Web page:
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Discussion Starter #1
Here is a graph of battery voltage against current (I hope):
Edited by Pete to link to local copy, was only able to get to Yahoo hosted picture if you log in to Yahoo.


What I think this shows clearly is that the internal resistance of my Prius battery is about 0.46 ohms, the slope of the dashed pink line.

I captured this data as I started the car and began my commute this morning. The orange section of the line shows the part of the data that was before I moved the car. The big swoop down and to the left is, I presume, the pulse of power taken to start the engine. Obviously, voltage drops as current is drawn and increases when charge current flows in. It takes a little while for things to settle down and there are a few small loops.

The blue section of the line is me accelerating along my (short) street and then braking to a stop at the end. I used up to 50 amps and caused the battery voltage to fall by about 18 volts by the time I backed off on the pedal to zero current again. I got back up to 33 amps by braking, but only about 7 volts. This section was uphill.

The red section takes over now and this is a second, shorter but harder acceleration, followed by a short coast and then again braking to a stop. Following the red line down and left this time I use over 60 amps at the peak. Going around to the right and up, while I coast I get about 15 amps, falling off as I slow. Then it's up and to the right further as I brake, peaking at just over 50 amps. By coincidence, this swoop ends up where it started and the battery voltage is the same as at the end of the blue section. This section was slightly downhill.

Movement along the diagonal is due to internal battery resistance, that is instantaneous voltage change with current. Movement of the lines up and down the plot are due to charge and discharge of the battery, that is slow change of voltage over time. I have matched the dashed pink line's slope up with the swoops as they cross the vertial axis at zero current. This is where the change of voltage due to charge/discharge will be minimum and so the change of voltage due to current (resistance) will be most apparent. At several points, the lines move across the vertial axis quickly with time as my foot came off the accelerator and moved to the brake. I have taken particular notice of the slope here as change of voltage with time is again minimal.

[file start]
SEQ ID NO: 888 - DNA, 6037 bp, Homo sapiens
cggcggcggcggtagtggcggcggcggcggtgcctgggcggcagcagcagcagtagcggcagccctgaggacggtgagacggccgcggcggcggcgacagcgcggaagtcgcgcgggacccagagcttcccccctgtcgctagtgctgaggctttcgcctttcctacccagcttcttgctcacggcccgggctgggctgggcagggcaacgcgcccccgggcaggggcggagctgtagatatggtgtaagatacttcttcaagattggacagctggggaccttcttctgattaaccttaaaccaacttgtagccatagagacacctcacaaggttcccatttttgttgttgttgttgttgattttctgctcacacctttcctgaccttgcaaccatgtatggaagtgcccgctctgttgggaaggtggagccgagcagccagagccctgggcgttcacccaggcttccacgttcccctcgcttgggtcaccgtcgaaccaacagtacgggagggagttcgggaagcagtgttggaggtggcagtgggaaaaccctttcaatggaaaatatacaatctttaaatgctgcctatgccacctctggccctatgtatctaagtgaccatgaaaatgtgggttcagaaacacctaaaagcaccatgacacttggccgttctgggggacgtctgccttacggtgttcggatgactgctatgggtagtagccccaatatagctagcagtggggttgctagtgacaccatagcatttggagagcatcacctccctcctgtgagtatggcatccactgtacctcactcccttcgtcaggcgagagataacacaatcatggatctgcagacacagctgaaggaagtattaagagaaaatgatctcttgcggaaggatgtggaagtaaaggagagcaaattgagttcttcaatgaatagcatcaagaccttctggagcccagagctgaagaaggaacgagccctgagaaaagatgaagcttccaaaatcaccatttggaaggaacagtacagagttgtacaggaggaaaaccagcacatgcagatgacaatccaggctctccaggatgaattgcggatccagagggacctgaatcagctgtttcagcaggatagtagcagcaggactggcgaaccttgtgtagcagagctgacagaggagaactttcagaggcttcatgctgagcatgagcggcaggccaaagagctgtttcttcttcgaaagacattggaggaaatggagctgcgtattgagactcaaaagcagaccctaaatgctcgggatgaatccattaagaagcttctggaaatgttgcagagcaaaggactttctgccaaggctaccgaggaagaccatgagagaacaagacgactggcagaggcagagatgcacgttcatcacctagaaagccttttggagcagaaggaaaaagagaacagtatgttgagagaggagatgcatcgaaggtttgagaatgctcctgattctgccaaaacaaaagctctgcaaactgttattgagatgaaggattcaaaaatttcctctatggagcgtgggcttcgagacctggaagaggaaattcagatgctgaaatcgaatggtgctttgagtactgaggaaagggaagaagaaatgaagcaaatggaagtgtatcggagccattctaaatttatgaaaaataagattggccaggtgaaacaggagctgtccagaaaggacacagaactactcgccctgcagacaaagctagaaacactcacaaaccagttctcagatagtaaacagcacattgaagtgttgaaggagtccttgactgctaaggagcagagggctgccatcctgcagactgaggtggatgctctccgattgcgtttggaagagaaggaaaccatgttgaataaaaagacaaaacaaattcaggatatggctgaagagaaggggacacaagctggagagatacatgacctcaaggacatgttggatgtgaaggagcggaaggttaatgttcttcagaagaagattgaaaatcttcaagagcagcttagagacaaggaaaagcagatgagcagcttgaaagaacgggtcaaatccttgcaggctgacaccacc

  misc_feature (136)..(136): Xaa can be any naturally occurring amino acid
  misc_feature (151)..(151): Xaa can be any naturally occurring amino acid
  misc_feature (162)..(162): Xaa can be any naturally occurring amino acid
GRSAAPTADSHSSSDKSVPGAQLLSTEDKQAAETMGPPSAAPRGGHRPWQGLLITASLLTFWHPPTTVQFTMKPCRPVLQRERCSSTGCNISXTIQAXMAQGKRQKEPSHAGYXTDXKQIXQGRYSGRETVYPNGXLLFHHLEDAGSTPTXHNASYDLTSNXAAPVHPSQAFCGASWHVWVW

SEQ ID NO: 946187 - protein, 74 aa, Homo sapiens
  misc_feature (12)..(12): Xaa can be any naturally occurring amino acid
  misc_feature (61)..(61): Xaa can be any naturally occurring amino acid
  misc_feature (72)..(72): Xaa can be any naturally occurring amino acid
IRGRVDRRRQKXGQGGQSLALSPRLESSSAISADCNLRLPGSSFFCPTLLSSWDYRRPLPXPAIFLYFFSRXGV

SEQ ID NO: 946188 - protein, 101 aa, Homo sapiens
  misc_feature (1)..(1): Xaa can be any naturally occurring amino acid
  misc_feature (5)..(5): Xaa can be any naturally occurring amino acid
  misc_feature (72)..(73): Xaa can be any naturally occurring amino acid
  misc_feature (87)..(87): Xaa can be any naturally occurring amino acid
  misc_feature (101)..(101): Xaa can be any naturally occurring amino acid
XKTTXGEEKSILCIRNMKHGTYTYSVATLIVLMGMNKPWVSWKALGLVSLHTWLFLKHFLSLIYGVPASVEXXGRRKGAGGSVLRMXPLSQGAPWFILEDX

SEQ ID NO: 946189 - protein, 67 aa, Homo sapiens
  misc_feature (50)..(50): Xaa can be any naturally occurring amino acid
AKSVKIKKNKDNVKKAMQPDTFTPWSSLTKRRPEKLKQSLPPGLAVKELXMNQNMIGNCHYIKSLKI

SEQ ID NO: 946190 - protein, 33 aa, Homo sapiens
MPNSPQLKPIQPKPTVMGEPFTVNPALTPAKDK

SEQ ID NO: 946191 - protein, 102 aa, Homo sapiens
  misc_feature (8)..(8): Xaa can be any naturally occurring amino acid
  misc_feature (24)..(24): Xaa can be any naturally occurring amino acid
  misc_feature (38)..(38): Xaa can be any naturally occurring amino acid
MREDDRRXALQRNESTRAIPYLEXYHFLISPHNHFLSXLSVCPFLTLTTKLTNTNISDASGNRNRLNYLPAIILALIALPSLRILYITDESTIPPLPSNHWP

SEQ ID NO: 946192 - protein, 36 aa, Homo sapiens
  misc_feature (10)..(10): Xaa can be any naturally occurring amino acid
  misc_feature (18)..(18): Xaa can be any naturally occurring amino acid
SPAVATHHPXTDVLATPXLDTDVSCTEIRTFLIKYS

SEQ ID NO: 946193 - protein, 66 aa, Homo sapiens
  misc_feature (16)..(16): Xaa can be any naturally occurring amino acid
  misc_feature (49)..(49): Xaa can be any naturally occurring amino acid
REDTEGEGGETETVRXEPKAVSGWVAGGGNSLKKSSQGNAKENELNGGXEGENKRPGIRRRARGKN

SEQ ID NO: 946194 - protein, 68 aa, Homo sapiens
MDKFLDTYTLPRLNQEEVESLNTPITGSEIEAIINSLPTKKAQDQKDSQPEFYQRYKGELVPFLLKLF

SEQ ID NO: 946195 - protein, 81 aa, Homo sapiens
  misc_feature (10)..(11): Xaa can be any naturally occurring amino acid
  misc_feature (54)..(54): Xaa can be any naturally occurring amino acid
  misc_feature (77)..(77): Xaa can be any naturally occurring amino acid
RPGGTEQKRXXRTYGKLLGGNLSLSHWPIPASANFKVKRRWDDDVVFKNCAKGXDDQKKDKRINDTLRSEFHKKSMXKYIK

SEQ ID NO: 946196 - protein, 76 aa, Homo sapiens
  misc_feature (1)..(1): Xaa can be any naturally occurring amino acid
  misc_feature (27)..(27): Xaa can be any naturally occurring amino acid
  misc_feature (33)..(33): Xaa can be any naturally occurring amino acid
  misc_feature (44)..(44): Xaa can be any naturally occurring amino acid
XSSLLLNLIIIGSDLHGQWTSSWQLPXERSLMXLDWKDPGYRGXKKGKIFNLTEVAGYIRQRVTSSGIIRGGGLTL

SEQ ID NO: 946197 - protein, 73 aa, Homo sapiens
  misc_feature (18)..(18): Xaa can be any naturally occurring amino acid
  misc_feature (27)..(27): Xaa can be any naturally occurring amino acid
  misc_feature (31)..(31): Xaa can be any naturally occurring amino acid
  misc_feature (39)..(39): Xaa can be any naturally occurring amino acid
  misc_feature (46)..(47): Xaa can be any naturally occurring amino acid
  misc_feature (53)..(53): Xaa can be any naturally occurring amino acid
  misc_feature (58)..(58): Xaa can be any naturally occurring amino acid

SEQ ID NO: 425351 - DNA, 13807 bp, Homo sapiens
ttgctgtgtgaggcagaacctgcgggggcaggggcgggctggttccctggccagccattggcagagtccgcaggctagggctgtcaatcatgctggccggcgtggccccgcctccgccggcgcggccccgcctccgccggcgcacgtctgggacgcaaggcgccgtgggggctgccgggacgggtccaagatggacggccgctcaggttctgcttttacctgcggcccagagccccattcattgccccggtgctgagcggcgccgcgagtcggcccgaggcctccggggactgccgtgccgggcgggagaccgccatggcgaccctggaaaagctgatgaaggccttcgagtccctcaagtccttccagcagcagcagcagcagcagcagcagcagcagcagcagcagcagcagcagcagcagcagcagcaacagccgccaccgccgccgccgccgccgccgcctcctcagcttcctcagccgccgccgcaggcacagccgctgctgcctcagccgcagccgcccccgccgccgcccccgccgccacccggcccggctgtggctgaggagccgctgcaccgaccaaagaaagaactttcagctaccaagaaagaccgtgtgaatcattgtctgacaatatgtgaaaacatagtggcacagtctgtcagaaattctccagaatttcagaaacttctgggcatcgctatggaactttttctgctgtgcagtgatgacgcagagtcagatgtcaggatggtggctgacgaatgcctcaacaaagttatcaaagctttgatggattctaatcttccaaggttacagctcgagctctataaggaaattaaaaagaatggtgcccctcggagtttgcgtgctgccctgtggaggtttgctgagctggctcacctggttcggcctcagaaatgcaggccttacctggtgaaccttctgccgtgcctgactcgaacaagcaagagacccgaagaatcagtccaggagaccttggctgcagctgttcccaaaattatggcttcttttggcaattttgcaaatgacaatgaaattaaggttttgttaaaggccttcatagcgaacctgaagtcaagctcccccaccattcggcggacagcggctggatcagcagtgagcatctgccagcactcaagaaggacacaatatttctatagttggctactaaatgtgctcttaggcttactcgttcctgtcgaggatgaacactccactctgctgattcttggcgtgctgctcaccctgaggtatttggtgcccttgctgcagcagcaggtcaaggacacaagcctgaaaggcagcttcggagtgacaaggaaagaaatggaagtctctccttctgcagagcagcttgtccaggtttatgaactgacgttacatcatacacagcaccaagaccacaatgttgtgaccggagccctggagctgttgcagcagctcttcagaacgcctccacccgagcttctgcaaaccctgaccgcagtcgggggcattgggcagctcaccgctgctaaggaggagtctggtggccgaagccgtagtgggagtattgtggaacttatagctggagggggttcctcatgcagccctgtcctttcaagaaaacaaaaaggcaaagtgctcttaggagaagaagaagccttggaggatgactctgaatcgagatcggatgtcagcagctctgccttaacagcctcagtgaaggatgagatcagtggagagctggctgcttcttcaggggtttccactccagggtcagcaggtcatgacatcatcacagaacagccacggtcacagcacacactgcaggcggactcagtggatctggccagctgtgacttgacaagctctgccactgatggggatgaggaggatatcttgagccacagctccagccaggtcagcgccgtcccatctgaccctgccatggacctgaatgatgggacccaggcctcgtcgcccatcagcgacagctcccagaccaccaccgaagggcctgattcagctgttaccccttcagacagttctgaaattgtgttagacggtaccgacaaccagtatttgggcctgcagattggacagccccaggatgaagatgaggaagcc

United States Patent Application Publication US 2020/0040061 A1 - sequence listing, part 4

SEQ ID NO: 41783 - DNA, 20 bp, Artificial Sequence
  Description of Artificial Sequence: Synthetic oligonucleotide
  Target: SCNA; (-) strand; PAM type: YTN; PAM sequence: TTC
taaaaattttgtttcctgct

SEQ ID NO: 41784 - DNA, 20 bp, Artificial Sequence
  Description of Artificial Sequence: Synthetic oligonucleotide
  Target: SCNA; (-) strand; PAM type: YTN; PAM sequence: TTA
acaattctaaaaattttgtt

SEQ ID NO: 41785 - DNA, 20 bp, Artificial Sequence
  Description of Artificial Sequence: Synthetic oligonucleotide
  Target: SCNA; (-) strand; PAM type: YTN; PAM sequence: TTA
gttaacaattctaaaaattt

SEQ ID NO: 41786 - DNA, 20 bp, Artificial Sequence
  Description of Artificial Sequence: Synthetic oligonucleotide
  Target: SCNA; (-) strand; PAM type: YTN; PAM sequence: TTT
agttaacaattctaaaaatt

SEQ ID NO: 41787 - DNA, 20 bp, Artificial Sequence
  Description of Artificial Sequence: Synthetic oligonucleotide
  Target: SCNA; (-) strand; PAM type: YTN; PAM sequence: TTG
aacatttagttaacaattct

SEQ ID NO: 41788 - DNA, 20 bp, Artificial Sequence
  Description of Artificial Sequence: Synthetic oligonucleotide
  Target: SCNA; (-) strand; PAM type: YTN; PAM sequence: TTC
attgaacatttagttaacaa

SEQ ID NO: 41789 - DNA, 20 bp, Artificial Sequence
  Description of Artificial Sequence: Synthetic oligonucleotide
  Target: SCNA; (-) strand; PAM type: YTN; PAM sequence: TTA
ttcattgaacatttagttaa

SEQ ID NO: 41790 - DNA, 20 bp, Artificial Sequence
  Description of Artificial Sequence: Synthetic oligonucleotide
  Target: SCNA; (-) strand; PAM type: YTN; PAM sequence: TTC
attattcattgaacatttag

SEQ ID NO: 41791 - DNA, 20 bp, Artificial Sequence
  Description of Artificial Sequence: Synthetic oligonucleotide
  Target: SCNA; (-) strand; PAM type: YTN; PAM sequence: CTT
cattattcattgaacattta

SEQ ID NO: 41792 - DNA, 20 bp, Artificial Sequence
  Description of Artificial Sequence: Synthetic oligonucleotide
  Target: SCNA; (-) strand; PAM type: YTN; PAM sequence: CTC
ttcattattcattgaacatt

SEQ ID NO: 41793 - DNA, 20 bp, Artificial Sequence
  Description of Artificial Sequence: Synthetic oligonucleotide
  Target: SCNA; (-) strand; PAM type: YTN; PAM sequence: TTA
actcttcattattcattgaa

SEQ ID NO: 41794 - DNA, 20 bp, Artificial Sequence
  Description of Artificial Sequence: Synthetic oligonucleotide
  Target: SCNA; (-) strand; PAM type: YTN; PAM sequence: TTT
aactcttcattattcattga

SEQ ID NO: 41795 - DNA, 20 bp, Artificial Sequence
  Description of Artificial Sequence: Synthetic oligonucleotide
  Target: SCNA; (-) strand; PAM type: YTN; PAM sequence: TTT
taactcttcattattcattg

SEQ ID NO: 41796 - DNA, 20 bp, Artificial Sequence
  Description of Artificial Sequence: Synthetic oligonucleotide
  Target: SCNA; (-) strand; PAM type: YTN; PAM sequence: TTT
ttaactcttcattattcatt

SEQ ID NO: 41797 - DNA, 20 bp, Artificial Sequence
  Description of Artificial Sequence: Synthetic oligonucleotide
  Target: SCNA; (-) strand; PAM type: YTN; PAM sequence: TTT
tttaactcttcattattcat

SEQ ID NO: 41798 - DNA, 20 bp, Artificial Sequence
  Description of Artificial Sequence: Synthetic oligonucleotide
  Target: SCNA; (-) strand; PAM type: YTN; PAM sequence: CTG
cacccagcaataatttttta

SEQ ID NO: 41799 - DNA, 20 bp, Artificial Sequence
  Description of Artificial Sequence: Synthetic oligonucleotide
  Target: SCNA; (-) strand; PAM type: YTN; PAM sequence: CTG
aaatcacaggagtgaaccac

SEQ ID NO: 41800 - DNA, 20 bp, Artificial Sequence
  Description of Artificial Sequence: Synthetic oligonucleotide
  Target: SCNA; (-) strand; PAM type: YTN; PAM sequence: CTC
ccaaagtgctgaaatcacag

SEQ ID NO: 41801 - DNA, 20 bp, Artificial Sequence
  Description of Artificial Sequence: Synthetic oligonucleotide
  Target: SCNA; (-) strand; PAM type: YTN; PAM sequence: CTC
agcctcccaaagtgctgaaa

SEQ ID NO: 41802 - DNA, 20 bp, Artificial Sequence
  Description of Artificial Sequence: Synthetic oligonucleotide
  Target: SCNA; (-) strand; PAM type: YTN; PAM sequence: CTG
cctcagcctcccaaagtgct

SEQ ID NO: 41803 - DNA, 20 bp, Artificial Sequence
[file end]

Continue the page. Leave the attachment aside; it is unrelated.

I hope someone finds this interesting. The colored sections are in fact one continuous sample set. I only colorized the line to aid discussion. If anyone is confused by the large current draw, I should point out that the car was cold so the engine just sits there warming up and leaves all the work to the battery and MG2.
 

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Graham,

Good job. 0.46 ohms is in agreement with Toyota. You may have discovered a way to check the health of your HV battery. The paper available at the following link has a graph of battery resistance versus mileage driven.

http://groups.yahoo.com/group/toyota-pr ... es1/files/
-> SAE articles -> newbattery.pdf

The graph of figure 8 shows a new battery measuring a little under 0.50 ohm. This is in line with your measurement.

At 250,000 km (155,000 mi) figure 8 shows maybe 0.55 ohm. So I guess as far as battery resistance goes your HV battery is still young.

It seems as the internal resistance increases the maximum charge or discharge current the battery can handle will decrease. I wonder if the resistance says anything about the charge capacity of the battery?

Toyota says there are 38 modules connected in series. Each module is rated at nominal 7.2 volts for a total of 273.6 Volts. It is interesting to note in your plot that voltage at zero current ranged from about 276 Volts to 300 Volts. Seems the Prius does not let the modules drop to nominal 7.2 volts very often. At 300 Volts the module voltage is about 7.9 volts. Also interesting that module voltage started at 7.9 volts cold but then was never that high again (at zero current).

Ed
 

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Graham,

You've evidently found a way to measure the output voltage of the traction battery. Where are you getting it from? Is it from those wires adjacent to the yellow current sense wire, or somewhere else?

Regards,
Julian.
 

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Resistance

Graham,

May I assume that your calculations were the result of measurements made at the battery (ECU)?

I wonder what it looks like at the entry to the Inverter/Converter: what is the resistance including the wiring?
Is that the effective power limiter rather than a system programmed limit?
 

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Resistance - where measured

Bill, yes, the voltage was measured close to the battery, at the output of the System Main Relay behind the back seat. The details are currently here: http://www.channel1.com/users/graham/Prius/DataAqu.htm (but I need to get this stuff more organized, so it will probably move).

I don't think I'm going to be the first to remove the cover to the Inverter/Converter box and stick wires in there. I might do it if someone else blazes a trail and posts pictures. What a lot we could find out, though, if we instrumented that!

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